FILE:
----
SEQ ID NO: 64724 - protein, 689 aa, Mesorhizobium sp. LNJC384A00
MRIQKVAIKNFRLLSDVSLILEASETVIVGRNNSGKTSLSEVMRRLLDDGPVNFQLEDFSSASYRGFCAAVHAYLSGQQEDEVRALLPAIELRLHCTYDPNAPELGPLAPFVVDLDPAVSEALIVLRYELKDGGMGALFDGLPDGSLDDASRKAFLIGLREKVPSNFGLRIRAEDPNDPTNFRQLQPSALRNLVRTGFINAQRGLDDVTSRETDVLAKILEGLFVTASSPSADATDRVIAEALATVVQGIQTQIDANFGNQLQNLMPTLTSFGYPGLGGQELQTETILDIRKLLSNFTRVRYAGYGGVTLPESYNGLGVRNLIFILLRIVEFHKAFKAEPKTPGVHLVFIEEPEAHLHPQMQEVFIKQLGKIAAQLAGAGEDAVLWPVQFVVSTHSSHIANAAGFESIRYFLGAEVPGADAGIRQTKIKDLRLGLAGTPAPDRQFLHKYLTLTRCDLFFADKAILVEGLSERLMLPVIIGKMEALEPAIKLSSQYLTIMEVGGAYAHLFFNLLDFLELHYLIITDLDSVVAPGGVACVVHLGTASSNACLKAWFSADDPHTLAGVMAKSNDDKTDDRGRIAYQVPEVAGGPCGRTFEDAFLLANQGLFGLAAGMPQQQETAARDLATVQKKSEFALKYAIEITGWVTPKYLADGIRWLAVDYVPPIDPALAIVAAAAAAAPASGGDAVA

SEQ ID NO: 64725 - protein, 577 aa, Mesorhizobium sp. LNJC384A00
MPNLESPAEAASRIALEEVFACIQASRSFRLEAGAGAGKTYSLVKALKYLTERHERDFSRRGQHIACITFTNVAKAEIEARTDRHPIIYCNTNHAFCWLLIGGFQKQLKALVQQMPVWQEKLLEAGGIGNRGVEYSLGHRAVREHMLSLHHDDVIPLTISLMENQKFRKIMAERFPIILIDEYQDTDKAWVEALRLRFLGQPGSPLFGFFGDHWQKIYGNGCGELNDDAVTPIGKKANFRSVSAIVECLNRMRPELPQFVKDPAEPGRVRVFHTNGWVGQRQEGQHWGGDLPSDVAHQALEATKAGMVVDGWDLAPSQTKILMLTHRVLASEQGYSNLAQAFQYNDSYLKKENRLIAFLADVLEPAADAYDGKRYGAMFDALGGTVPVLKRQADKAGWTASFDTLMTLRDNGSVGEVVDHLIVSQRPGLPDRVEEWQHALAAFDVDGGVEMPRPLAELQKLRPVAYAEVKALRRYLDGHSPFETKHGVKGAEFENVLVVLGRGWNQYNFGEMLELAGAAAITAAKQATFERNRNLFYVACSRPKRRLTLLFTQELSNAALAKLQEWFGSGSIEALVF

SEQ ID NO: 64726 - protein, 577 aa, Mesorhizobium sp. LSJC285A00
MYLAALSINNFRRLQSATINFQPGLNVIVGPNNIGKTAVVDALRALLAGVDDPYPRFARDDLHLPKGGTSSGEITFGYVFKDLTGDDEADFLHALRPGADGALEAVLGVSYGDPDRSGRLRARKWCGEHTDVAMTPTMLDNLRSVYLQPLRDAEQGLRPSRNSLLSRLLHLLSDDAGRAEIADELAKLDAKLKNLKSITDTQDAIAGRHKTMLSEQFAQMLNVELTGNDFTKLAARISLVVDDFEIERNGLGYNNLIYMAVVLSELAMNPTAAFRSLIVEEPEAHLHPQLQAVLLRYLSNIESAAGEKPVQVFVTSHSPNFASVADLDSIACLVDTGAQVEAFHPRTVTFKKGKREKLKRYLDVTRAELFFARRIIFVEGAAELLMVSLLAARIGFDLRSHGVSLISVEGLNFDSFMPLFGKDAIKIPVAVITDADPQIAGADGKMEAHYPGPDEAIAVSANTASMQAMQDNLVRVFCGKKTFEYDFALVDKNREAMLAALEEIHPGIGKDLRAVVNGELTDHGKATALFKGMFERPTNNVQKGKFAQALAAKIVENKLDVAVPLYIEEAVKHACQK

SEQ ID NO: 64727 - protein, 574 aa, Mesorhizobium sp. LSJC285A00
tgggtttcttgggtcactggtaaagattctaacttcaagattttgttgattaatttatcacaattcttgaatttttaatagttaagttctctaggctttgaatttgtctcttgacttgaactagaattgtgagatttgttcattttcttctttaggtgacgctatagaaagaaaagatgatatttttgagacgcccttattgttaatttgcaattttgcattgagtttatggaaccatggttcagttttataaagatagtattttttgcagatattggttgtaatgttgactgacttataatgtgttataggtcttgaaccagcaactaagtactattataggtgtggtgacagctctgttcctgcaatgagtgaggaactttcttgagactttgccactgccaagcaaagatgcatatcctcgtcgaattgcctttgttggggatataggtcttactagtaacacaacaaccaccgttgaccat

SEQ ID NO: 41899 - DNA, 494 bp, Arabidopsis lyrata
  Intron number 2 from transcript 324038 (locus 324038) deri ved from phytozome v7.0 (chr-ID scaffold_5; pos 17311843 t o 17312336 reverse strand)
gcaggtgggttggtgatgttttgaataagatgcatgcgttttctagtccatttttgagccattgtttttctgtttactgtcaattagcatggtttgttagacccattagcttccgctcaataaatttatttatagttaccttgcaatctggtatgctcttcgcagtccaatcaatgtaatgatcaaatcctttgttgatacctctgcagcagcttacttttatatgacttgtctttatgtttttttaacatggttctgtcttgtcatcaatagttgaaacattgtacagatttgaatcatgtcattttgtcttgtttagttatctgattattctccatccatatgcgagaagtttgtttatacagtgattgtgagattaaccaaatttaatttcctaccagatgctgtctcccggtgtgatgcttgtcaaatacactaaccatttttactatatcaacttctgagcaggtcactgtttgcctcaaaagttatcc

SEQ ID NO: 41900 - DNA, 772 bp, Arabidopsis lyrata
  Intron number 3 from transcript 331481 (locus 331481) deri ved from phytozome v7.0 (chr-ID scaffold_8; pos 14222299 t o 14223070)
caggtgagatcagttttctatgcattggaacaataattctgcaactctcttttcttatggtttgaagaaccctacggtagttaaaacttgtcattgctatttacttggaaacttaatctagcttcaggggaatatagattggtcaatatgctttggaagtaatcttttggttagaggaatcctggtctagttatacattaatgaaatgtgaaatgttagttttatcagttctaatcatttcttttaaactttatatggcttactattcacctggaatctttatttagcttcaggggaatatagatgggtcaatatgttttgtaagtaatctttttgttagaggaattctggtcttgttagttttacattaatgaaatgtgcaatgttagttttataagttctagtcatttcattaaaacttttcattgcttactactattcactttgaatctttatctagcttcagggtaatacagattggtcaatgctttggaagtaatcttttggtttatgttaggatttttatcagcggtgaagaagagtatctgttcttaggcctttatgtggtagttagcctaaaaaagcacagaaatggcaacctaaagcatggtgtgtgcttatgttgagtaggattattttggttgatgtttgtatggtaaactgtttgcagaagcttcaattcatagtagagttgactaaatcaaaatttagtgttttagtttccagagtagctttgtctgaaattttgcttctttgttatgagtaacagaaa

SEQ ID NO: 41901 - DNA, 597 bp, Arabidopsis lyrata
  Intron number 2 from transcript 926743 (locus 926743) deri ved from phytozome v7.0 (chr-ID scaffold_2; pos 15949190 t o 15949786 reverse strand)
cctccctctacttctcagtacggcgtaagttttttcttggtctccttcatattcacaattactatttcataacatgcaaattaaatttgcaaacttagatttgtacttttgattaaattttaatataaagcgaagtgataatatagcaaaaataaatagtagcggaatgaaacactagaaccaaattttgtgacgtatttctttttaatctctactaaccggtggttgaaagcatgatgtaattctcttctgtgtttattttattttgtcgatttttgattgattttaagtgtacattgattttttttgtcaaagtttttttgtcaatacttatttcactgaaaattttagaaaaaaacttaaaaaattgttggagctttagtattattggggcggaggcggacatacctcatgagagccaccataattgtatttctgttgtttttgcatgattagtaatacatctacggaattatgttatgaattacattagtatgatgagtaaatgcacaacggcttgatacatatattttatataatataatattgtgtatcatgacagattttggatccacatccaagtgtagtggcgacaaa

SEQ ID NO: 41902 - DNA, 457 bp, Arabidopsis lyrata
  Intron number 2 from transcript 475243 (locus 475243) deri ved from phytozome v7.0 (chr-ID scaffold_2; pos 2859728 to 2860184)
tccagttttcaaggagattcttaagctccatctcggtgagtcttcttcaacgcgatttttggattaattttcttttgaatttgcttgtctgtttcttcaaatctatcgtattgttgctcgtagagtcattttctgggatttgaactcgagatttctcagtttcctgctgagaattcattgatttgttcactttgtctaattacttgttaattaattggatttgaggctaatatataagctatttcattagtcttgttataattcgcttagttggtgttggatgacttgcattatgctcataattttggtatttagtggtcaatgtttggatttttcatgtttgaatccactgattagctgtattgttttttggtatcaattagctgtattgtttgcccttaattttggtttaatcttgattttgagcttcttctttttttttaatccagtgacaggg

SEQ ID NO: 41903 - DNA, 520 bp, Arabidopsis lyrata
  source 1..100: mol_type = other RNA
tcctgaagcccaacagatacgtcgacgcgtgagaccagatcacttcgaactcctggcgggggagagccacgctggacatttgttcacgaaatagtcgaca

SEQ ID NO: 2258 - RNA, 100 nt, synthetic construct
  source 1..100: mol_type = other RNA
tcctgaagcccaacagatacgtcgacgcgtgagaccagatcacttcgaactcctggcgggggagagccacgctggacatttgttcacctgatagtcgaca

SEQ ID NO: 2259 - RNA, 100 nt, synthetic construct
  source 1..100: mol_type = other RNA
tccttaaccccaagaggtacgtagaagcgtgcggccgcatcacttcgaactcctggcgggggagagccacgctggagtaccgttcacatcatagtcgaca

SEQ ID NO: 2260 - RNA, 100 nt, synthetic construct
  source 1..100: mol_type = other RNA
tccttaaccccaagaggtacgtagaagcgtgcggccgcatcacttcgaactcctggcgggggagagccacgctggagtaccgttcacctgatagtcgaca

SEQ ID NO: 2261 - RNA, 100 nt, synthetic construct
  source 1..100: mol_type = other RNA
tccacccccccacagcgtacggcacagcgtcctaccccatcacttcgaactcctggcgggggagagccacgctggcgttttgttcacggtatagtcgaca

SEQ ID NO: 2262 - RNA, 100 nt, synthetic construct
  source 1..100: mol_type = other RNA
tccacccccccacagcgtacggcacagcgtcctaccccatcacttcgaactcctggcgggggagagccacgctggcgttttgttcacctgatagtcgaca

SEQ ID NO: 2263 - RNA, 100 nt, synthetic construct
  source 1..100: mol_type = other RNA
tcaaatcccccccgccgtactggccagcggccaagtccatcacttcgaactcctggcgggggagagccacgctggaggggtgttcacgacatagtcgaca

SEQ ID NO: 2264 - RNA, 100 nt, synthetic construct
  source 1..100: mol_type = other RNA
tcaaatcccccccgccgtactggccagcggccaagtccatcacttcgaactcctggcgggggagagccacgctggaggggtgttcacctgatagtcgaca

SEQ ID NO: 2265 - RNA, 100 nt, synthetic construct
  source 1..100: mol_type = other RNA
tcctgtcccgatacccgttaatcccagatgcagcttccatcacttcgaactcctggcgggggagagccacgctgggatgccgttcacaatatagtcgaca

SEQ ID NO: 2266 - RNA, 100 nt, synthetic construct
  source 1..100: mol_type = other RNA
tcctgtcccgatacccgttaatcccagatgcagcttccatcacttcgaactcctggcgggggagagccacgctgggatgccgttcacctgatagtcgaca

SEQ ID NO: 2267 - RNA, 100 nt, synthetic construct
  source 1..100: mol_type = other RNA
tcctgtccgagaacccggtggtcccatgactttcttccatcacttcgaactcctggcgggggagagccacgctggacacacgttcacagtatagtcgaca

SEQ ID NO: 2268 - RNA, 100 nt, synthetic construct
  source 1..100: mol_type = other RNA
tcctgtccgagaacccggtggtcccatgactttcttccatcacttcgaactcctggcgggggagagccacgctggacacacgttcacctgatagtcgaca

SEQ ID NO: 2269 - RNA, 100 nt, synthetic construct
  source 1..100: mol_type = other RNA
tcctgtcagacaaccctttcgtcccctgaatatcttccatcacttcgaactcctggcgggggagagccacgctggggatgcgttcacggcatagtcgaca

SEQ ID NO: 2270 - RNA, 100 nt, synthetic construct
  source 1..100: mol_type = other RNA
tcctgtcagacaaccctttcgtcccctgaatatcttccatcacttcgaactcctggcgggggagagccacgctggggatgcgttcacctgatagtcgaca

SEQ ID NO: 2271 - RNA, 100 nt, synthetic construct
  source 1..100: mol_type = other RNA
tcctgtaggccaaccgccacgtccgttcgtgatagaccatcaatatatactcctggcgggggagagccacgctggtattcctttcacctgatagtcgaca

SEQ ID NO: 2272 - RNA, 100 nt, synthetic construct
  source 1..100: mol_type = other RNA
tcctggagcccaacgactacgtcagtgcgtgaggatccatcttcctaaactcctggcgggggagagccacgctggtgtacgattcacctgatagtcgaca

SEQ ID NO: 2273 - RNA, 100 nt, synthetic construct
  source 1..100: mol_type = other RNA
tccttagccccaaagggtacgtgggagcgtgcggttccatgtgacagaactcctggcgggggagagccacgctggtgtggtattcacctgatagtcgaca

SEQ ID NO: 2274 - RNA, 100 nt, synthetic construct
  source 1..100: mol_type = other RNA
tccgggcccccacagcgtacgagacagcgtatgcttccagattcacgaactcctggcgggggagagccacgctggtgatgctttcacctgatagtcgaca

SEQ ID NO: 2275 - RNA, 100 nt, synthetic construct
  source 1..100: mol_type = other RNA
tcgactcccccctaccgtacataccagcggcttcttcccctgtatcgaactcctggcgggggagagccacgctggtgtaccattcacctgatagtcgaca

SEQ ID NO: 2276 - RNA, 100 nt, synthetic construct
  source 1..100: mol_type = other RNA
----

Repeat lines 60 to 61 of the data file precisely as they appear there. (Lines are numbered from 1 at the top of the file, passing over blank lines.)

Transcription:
SEQ ID NO: 2270 - RNA, 100 nt, synthetic construct
  source 1..100: mol_type = other RNA